Saturday, November 23, 2013

16. Can We Really Multitask?

Today, multitasking is one of the most common job responsibilities that one can find among various job descriptions. Everyone, from cashiers, to sales associates, to communications specialists, is expected to be able to work on multiple projects simultaneously. But is it really possible to do quality work while handling several tasks at the same time?

Image via Careerealism

We have recently touched this question in my linguistics class, when we were talking about the role of attention in language acquisition. It turns out that human attention is highly selective, meaning that we can efficiently perform just one attention demanding task at a time. In fact, researchers say that multitasking is a myth, providing real data to prove their point. "People can't multitask very well, and when people say they can, they're deluding themselves," says neuroscientist Earl Miller.

While scientists analyze complex brain scans, we can do some simple tests ourselves to see if multitasking is possible. Have you ever tried to text while walking on a busy street? I have. Some would think of it as a sort of multitasking, but it really isn't. Since there are multiple obstacles on the street, we usually stop texting for a moment to see where we are going so that we won't trip. This means that we are not actually performing two tasks continuously, so we are not really multitasking. Another example is talking to someone while writing. This is nearly impossible to do - you would either make a mistake in writing or say something that doesn't make sense.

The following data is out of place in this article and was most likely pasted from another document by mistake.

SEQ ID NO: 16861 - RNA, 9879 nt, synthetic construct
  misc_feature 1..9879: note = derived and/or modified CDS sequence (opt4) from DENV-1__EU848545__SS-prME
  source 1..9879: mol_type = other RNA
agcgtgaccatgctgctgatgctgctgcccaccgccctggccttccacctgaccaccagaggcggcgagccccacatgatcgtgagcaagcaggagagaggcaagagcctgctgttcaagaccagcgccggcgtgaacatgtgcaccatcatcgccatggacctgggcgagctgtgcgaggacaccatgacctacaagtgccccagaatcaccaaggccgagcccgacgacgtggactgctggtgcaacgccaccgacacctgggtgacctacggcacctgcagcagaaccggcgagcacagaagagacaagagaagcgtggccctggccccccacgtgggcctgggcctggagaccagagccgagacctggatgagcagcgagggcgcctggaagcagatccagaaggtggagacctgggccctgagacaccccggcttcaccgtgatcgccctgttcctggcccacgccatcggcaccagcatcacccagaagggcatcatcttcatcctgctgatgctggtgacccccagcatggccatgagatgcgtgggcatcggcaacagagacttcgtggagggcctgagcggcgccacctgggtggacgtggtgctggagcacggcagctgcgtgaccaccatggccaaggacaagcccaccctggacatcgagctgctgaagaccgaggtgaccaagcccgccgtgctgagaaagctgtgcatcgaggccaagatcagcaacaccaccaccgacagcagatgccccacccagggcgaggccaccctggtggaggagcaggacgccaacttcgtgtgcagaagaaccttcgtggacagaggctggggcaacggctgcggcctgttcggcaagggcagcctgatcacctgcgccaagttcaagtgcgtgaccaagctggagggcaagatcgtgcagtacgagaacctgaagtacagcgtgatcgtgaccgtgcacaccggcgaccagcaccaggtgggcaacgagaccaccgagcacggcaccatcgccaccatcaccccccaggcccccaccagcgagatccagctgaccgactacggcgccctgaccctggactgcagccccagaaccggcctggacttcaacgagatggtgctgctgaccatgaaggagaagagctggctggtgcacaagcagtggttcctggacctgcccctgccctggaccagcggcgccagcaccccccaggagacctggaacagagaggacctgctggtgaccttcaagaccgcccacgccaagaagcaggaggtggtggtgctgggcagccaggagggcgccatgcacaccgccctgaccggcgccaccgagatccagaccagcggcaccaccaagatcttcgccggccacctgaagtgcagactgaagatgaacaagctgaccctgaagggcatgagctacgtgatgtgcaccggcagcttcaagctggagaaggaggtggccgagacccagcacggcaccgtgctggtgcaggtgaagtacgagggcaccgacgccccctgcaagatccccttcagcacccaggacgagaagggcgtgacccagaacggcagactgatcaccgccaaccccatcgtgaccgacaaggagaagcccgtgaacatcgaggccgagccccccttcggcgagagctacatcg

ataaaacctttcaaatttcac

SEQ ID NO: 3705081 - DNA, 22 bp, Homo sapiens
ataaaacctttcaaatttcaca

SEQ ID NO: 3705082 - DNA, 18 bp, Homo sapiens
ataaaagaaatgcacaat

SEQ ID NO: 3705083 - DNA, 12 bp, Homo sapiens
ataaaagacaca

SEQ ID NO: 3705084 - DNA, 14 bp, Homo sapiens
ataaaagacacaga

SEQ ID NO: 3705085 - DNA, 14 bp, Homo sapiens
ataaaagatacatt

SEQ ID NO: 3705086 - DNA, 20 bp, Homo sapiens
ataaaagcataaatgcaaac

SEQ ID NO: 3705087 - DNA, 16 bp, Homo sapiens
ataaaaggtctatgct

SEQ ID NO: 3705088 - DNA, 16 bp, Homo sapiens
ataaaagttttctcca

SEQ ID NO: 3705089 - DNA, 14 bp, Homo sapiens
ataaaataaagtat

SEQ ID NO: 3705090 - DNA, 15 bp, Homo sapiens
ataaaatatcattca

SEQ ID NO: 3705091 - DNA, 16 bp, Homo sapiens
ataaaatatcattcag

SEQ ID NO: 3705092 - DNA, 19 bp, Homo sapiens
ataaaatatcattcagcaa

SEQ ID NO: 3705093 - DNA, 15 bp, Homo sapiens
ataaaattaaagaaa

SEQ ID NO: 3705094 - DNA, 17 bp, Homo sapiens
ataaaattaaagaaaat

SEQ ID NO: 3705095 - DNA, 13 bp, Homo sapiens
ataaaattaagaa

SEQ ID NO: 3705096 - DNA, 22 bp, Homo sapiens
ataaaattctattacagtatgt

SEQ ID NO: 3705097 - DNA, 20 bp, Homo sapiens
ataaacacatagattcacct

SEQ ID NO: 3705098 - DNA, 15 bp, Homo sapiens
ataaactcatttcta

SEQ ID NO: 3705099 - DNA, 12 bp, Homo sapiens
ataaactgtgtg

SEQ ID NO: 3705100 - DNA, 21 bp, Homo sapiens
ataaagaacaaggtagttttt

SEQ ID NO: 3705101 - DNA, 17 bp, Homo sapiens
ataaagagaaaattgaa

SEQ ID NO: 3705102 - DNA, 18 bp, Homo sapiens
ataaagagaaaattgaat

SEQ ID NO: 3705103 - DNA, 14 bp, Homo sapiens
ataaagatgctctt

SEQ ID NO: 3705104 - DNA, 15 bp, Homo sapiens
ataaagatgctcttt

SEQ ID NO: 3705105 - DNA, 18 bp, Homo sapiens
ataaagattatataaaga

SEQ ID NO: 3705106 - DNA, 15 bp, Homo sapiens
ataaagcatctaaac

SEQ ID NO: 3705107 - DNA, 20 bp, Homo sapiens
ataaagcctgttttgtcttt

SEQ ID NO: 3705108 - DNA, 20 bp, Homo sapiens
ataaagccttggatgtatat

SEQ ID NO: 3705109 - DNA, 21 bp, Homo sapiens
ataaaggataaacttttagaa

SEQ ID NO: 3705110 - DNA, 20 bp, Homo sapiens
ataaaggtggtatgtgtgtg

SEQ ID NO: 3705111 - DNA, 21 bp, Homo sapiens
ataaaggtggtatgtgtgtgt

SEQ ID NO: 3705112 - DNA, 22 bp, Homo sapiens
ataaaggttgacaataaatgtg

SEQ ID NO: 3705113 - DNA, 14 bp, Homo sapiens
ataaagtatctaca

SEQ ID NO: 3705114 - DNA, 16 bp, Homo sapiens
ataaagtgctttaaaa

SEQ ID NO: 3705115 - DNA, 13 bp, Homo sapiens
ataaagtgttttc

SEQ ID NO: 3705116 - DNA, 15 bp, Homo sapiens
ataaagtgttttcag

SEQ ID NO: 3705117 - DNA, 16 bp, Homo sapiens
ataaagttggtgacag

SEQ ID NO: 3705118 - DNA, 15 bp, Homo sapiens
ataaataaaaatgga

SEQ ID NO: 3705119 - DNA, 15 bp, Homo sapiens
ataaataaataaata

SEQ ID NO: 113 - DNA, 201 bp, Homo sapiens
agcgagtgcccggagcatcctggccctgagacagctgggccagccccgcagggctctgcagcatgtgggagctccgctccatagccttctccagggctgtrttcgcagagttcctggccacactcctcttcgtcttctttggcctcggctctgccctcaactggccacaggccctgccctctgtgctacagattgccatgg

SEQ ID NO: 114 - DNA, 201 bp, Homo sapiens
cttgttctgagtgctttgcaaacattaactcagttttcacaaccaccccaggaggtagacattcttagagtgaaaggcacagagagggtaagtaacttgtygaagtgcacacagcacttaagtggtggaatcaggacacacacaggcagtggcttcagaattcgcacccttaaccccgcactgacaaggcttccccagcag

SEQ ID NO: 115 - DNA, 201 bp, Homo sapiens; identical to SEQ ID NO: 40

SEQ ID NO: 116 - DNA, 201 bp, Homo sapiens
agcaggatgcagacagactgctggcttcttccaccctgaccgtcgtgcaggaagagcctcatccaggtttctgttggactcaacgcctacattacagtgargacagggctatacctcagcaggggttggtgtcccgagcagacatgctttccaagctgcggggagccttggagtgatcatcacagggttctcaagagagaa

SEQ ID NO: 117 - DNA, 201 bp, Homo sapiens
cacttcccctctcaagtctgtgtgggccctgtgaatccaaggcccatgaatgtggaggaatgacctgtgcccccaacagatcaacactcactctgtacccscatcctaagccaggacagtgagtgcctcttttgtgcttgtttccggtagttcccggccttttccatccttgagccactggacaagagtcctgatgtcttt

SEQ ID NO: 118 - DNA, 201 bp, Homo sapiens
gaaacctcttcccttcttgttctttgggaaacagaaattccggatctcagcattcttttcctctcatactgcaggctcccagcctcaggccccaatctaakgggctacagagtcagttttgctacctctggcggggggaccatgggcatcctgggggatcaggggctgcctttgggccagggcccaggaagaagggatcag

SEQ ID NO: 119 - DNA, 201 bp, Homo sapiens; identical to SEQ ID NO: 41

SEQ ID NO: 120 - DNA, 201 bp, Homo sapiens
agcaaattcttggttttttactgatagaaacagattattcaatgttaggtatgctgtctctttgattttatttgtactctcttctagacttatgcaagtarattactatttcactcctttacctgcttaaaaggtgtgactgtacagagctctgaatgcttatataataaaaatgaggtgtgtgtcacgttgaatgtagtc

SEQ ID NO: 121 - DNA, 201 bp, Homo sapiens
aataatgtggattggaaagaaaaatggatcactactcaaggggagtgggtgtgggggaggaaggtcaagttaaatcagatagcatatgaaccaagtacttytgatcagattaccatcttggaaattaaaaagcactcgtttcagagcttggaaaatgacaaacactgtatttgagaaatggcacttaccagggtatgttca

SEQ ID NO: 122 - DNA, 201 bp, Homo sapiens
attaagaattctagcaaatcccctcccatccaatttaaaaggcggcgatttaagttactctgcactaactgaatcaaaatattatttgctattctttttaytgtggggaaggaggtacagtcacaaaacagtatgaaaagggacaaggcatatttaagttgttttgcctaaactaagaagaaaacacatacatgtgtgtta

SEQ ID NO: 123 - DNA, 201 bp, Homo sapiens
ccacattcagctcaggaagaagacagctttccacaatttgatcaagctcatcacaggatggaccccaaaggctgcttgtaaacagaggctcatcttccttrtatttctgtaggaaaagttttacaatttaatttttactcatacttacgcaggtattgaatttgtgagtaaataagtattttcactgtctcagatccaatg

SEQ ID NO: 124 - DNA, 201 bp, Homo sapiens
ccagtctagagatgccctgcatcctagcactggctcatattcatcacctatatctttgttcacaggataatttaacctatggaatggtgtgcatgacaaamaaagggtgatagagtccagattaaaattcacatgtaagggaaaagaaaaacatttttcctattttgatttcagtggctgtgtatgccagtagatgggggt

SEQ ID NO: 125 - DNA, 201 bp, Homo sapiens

What we really do while successfully performing multiple tasks at the same time is switching between them really quickly, which gives the illusion of multitasking. The ability to quickly shift your attention from one project to another and to accomplish each of them effectively is exactly what employers are looking for in applicants.

However, true multitasking does exist, but it requires two or more tasks to be compatible. For example, listening to a professor and taking notes are two compatible activities, which is why most students can perform them simultaneously without a problem. So if you are not very good at switching your focus really quickly, try matching compatible tasks for better efficiency.

Most people presume that multitasking is the performance of multiple tasks at the same time, but while it is true for computers, the human brain is simply not able to function as smoothly and quickly as a processor. I believe employers should explain what they really mean by this term in order to avoid any confusion among their employees and prevent them from making mistakes or stressing out, while they are trying to handle several tasks simultaneously.

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